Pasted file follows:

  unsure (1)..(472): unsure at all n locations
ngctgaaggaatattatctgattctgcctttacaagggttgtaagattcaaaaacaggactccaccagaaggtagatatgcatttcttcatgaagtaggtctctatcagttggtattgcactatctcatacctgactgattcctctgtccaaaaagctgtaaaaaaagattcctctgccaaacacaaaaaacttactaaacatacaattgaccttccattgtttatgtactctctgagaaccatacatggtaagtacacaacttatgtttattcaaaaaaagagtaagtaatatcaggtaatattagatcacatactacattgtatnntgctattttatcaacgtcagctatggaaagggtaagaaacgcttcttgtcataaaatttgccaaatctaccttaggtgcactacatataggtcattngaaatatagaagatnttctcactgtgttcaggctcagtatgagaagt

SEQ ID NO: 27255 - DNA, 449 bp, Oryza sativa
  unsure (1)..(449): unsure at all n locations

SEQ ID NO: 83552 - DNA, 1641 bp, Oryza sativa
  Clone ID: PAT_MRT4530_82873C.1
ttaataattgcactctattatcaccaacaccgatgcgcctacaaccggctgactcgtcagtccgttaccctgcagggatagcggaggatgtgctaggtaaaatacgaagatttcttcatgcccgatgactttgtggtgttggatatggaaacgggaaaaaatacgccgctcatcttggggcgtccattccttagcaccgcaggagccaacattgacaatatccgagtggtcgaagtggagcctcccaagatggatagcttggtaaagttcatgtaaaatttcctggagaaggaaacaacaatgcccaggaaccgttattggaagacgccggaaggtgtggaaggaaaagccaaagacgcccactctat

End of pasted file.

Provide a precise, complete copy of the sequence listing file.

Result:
  unsure (1)..(472): unsure at all n locations
ngctgaaggaatattatctgattctgcctttacaagggttgtaagattcaaaaacaggactccaccagaaggtagatatgcatttcttcatgaagtaggtctctatcagttggtattgcactatctcatacctgactgattcctctgtccaaaaagctgtaaaaaaagattcctctgccaaacacaaaaaacttactaaacatacaattgaccttccattgtttatgtactctctgagaaccatacatggtaagtacacaacttatgtttattcaaaaaaagagtaagtaatatcaggtaatattagatcacatactacattgtatnntgctattttatcaacgtcagctatggaaagggtaagaaacgcttcttgtcataaaatttgccaaatctaccttaggtgcactacatataggtcattngaaatatagaagatnttctcactgtgttcaggctcagtatgagaagt

SEQ ID NO: 27255 - DNA, 449 bp, Oryza sativa
  unsure (1)..(449): unsure at all n locations

SEQ ID NO: 83552 - DNA, 1641 bp, Oryza sativa
  Clone ID: PAT_MRT4530_82873C.1
ttaataattgcactctattatcaccaacaccgatgcgcctacaaccggctgactcgtcagtccgttaccctgcagggatagcggaggatgtgctaggtaaaatacgaagatttcttcatgcccgatgactttgtggtgttggatatggaaacgggaaaaaatacgccgctcatcttggggcgtccattccttagcaccgcaggagccaacattgacaatatccgagtggtcgaagtggagcctcccaagatggatagcttggtaaagttcatgtaaaatttcctggagaaggaaacaacaatgcccaggaaccgttattggaagacgccggaaggtgtggaaggaaaagccaaagacgcccactctat